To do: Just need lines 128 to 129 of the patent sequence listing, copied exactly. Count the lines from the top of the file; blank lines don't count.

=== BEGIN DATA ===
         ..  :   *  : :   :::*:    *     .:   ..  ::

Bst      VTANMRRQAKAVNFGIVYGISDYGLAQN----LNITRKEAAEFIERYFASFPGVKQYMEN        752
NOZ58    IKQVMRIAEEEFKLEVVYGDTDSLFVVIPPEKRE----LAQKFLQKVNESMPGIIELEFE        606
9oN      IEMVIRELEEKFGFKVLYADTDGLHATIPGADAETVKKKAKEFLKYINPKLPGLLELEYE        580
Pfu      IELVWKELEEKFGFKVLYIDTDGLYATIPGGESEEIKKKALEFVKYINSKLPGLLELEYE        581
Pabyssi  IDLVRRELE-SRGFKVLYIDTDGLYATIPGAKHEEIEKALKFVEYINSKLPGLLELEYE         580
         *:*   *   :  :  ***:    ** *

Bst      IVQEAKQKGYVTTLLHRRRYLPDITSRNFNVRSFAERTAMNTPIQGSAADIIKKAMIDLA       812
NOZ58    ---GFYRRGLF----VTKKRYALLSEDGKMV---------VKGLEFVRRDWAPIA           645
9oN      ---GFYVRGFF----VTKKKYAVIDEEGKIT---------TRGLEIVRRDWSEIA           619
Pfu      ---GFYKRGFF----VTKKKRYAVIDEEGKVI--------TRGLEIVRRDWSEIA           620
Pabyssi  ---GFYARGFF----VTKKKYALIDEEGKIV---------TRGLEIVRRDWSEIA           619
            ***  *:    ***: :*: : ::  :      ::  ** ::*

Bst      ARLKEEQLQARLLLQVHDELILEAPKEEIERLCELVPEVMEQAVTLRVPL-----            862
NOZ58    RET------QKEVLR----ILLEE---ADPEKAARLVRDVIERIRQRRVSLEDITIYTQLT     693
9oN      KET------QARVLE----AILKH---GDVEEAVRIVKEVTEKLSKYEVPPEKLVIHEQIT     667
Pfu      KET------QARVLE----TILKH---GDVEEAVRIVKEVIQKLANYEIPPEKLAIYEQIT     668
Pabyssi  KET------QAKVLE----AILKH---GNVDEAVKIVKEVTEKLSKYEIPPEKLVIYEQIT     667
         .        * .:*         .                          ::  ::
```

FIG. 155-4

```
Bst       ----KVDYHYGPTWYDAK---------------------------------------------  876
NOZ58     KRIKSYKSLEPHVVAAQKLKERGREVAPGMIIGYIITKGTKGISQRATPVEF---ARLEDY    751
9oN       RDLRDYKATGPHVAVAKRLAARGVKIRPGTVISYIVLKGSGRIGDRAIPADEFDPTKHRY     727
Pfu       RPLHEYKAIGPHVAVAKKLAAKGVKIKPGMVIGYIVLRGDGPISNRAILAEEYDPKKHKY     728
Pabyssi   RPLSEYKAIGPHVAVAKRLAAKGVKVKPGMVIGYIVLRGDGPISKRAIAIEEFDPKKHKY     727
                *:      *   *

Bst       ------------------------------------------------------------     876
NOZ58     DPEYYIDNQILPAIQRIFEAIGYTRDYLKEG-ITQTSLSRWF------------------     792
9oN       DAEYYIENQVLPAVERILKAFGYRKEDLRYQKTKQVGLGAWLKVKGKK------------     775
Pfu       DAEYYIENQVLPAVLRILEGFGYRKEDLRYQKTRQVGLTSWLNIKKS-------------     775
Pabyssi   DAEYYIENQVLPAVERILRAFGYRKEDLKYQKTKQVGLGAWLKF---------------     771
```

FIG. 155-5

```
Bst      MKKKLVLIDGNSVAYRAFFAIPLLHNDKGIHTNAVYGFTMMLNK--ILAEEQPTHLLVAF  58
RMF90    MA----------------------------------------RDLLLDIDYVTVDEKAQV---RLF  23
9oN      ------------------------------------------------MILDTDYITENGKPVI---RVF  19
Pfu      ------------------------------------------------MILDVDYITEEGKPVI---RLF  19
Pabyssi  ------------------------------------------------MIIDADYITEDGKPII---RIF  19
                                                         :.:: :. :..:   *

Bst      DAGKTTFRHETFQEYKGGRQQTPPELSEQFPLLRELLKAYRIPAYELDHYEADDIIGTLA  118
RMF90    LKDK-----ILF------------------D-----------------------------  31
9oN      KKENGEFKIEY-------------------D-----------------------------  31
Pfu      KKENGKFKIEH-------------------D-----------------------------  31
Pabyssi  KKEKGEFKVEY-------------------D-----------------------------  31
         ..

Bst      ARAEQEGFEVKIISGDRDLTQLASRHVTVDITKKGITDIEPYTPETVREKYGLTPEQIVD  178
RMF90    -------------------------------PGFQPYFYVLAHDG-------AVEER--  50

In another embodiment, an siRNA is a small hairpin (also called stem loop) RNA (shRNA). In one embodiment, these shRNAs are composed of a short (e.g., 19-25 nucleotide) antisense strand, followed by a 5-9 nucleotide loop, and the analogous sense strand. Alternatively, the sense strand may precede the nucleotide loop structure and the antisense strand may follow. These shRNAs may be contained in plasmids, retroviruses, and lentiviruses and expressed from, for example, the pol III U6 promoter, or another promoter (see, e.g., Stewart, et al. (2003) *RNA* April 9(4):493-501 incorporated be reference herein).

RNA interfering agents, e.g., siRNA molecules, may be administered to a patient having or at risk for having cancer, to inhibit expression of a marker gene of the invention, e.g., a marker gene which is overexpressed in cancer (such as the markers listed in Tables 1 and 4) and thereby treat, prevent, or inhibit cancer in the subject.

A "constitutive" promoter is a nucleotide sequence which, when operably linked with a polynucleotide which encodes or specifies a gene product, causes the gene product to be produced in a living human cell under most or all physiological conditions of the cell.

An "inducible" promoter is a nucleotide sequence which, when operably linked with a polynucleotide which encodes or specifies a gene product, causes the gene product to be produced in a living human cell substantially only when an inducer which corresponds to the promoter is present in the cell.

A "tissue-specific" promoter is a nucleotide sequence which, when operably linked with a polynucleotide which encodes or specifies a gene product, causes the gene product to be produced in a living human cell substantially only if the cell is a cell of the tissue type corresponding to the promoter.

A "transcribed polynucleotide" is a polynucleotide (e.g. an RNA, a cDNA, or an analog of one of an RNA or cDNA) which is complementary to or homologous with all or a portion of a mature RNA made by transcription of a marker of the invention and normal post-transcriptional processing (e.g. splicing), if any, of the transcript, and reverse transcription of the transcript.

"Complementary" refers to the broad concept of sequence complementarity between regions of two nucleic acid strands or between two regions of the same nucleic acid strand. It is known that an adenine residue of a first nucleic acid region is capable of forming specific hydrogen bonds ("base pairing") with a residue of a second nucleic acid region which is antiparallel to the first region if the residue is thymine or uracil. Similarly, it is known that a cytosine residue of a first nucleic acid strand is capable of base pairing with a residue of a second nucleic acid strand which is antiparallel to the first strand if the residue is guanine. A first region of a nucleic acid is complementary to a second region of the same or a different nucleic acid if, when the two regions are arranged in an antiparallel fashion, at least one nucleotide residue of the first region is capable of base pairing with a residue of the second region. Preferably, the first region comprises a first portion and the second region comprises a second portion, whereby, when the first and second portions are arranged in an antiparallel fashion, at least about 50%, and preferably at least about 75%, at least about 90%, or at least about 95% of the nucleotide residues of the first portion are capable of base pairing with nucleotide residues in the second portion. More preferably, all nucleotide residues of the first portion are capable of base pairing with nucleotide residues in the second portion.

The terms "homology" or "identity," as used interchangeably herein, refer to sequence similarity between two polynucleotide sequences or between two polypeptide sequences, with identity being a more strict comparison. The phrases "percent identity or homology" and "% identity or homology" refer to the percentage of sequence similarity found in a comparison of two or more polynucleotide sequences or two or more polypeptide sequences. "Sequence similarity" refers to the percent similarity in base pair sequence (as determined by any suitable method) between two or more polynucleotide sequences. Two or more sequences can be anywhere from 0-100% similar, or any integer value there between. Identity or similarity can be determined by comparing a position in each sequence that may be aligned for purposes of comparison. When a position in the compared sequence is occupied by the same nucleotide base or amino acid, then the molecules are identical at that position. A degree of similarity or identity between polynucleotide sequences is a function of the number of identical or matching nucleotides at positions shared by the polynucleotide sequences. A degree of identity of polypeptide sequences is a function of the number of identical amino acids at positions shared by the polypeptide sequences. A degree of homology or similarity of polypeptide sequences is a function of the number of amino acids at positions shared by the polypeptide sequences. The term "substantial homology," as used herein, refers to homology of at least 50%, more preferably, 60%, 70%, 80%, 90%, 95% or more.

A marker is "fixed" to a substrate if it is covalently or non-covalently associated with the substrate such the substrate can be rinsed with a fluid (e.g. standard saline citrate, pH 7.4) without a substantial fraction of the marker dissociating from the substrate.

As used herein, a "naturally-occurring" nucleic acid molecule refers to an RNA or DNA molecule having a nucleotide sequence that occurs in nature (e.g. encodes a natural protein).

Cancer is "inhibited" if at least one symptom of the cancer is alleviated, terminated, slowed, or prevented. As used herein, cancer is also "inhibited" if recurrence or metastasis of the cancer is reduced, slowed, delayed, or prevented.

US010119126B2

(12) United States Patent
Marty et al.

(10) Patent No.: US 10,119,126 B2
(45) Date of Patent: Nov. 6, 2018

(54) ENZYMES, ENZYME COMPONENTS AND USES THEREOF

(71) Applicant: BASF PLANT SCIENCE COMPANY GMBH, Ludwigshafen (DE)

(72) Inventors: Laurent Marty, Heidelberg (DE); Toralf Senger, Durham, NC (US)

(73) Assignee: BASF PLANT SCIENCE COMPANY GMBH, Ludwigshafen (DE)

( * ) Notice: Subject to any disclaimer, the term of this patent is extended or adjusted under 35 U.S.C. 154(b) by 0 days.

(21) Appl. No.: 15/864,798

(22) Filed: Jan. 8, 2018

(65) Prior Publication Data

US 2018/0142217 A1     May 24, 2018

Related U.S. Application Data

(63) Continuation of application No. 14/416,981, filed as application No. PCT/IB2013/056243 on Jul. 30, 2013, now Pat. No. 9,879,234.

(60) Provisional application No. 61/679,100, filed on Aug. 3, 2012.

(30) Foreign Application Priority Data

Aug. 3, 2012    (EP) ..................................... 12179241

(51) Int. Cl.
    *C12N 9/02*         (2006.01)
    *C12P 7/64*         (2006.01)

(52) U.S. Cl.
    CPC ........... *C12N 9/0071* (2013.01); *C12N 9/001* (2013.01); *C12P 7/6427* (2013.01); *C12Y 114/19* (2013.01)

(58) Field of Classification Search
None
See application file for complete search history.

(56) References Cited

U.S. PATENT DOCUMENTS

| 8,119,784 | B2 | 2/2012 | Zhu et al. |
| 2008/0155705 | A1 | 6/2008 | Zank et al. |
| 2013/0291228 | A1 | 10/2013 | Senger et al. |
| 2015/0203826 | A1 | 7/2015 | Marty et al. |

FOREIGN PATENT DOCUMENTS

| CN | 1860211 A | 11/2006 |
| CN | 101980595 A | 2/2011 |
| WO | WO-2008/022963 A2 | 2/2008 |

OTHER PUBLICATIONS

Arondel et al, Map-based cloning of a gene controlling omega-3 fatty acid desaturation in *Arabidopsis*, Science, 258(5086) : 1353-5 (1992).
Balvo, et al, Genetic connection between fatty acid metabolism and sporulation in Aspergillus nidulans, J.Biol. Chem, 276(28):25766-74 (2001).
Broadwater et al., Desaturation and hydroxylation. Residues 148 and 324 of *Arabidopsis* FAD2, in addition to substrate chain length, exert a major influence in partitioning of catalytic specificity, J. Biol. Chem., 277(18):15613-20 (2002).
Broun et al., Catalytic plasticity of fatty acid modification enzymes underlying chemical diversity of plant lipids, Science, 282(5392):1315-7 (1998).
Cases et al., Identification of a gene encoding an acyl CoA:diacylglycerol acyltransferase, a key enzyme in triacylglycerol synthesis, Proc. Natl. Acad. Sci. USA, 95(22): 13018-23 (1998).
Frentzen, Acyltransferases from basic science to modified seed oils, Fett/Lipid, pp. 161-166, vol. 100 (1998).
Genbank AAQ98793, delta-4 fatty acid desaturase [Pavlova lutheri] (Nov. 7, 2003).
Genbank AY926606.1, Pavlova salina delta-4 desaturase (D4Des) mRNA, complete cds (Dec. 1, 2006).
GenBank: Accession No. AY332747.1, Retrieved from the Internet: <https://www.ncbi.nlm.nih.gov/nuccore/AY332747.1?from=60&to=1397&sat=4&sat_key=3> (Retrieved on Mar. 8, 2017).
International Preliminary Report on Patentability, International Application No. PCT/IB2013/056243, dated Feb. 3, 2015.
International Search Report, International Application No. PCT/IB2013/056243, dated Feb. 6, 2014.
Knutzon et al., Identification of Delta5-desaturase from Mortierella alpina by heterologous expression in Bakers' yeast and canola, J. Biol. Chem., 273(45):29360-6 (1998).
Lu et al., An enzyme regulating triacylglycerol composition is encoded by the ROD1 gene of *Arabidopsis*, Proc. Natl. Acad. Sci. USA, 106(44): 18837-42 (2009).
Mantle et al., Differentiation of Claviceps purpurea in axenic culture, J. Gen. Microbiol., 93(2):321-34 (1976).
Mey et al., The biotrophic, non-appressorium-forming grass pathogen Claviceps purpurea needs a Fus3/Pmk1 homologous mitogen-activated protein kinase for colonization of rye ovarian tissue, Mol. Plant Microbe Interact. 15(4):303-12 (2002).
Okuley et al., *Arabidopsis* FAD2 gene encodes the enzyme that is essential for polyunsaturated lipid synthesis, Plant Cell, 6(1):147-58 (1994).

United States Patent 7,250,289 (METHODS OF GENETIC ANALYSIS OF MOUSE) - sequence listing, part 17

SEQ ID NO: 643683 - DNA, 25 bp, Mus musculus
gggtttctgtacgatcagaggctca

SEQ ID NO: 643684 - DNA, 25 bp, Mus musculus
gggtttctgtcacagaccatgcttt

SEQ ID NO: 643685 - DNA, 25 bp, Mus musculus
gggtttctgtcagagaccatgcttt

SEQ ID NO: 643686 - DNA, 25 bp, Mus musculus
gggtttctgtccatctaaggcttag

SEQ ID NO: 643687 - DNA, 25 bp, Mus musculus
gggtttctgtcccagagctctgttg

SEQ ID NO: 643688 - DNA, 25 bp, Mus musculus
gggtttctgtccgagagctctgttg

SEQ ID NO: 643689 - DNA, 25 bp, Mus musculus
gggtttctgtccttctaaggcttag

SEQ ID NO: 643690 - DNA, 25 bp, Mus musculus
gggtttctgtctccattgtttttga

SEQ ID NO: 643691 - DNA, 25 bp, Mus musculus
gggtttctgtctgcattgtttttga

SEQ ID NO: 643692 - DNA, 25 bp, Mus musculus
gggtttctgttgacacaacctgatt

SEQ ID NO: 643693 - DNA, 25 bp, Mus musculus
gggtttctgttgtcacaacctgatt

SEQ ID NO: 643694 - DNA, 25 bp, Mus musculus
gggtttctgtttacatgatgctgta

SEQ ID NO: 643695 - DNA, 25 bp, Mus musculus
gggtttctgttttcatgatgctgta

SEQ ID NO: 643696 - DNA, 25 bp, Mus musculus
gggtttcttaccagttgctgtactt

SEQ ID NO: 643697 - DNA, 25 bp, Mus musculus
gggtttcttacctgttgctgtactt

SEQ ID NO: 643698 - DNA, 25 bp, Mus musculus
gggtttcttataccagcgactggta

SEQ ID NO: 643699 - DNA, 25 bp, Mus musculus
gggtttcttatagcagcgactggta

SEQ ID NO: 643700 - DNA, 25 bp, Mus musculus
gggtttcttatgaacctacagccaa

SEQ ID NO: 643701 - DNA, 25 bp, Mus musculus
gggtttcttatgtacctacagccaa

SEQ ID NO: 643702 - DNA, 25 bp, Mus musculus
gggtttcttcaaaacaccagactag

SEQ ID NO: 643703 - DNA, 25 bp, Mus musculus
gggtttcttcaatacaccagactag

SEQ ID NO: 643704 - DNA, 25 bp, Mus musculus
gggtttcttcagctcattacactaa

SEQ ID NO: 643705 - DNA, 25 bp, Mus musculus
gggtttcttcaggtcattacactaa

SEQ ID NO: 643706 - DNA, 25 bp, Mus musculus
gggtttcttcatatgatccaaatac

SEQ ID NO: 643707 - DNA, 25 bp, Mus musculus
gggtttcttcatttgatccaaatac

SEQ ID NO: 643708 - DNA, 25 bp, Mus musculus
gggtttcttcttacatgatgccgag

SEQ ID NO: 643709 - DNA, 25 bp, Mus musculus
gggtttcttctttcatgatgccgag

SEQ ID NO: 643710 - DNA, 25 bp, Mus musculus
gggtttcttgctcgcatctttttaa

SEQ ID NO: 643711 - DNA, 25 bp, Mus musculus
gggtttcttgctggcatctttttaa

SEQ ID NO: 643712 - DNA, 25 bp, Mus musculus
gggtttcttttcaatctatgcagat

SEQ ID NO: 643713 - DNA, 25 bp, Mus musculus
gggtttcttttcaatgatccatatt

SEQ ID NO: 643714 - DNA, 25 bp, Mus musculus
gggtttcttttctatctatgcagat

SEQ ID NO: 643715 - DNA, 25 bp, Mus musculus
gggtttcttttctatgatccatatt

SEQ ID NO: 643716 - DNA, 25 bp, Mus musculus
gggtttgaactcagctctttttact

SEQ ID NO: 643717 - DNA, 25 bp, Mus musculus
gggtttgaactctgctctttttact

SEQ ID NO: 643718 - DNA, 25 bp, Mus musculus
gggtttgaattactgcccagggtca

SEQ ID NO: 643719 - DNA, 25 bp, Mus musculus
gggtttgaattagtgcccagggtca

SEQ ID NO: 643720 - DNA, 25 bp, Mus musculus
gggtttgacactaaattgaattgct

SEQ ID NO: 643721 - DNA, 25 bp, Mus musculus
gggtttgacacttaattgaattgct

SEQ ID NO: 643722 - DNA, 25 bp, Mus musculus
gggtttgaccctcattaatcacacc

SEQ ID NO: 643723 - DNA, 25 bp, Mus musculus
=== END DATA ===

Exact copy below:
gggtttctgtccgagagctctgttg

SEQ ID NO: 643689 - DNA, 25 bp, Mus musculus